“People are against the purchase to put negative light on the mayor,” said Amy Davies, a representative of the campaign. “This whole thing is such a disgrace. It’s no different than when little boys or girls want to be a policeman or a fireman. They feel special when they go to a fire house, so when they wear the chain, they feel special and feel like a mayor.”As for the money raised, Altmann said the cheque can be brought to the town’s treasurer who will accept it on behalf of the city.
Santa Claus is coming to town and he’s bringing the North Pole weather with him. Environment Canada says rain will start pouring at around midnight on Saturday and will accumulate to 20 mm by Saturday morning as temperatures hit a high of 9 C.Night-time temperatures will drop to a low of 1 C as the rain persists periodically.
Toronto police are looking for a hit-and-run driver who struck a woman on Halloween and have released a graphic dashcam video as they appeal to the public for help. Just after 8:40 a.m. on Oct. 31, investigators say a southbound white sedan on Laureleaf Rd. was making a left turn on to Steeles Ave. E. when the driver struck a 61-year-old woman crossing the road. The driver didn’t stop and continued heading east. The pedestrian suffered serious injuries.
Muck Rack makes it simple to find people, tweets, or articles that mention any name, keyword, company, hashtag etc. We've compiled this guide to help you make the most of your search.
Selecting a term
Start searching tweets, articles from media outlets, articles mentioned in tweets, journalists'
names, titles and bios with some suggested searches:
Companies or Topics (e.g. iPhone, Microsoft)
Phrases (e.g. "cloud computing") — use quotes to keep the terms together
Twitter handles (e.g. @username) — returns those who have mentioned or replied to
Names (e.g. "David Pogue")
Hashtags (e.g. #sxsw, #london2012)
Bio details (e.g. vegan, Olympics, father)
Muck Rack's Advanced Search allows for many boolean operators.
Find results that mention multiple specified terms, use AND or
+. For example, ensure each result contains both Elon Musk and Mark Zuckerberg by
searching Musk AND Zuckerberg or Musk + Zuckerberg.
Use the operators OR or , to broaden your search when you'd like either of
multiple terms to appear in results. (This is the default behavior of our search when no operators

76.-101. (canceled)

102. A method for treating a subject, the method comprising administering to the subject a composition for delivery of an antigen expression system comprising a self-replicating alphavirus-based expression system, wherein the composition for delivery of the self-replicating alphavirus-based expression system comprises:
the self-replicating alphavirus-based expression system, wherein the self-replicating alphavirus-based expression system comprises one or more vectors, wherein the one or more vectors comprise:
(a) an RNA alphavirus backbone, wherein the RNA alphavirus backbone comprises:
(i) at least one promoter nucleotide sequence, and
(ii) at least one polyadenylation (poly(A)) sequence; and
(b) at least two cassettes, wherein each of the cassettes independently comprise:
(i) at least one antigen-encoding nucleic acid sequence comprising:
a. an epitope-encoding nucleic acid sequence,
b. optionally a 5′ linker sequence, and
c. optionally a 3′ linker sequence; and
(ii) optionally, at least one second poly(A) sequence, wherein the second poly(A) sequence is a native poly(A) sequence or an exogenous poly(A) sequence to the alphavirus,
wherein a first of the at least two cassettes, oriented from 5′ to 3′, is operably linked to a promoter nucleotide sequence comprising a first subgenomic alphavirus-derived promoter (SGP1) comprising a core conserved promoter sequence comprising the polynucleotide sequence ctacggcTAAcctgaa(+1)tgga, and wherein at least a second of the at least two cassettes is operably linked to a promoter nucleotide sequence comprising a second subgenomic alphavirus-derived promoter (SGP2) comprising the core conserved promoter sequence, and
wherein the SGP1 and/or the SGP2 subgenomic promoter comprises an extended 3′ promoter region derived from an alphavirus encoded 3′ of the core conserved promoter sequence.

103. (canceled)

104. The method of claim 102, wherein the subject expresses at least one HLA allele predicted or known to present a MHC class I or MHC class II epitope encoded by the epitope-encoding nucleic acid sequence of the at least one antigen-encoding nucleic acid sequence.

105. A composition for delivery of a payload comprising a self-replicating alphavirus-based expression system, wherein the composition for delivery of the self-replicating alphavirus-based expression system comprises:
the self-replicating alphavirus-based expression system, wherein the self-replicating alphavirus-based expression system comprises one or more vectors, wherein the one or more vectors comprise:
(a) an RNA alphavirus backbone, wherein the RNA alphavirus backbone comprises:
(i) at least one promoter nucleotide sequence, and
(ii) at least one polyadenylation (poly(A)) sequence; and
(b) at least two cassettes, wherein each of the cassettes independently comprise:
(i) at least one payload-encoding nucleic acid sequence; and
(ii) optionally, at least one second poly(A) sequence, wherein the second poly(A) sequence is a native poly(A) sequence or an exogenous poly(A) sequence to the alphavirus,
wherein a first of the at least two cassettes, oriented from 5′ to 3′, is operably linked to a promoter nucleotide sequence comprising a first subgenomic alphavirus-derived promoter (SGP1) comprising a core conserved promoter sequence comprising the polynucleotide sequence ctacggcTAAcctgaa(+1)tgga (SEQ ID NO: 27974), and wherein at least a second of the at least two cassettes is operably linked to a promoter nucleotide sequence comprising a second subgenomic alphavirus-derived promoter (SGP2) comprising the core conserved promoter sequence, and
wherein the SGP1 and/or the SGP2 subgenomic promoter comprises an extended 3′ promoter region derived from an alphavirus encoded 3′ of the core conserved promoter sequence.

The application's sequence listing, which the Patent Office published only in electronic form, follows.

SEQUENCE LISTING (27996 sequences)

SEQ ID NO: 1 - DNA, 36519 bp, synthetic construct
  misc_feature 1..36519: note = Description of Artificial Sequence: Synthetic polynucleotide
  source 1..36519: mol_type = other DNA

are used). For example, results will contain either cake or cookie by searching cake OR cookie or cake,cookie
Use NOT or - to subtract results from your search. For
example, searching Disney will yield results about the Walt Disney Company as well as Walt Disney
World Resort. To exclude mentions of Disney World, search for Disney -World or Disney
When using one of these operators with a phrase, enclose it in quotation marks. For example, you can
find results about smartphones excluding Apple's iPhone 4S by searching smartphone -"iPhone
Exact case matching or punctuation
If you're searching for a brand name or keyword that relies on specific punctuation marks or capitalization, you can
find results that match your exact query by adding matchcase: before the keyword you're searching for, like matchcase:E*TRADE .
Use parentheses to separate multiple
boolean phrases. For example, to find journalists talking about having fun in Disney World or
Disneyland, search for ("disney world" OR disneyland) AND fun.
An asterisk can be used to search for any variation of a root word truncated by the asterisk. For example, searching for admin* will return results for administrator, administration, administer, administered, etc.
A near operator is an AND operator where you can control the distance between the words. You can vary the distance the near operation uses by adding a forward slash and number (between 0-99) such as strawberries NEAR/10 "whipped cream", which means the strawberries must exist within 10 words of "whipped cream".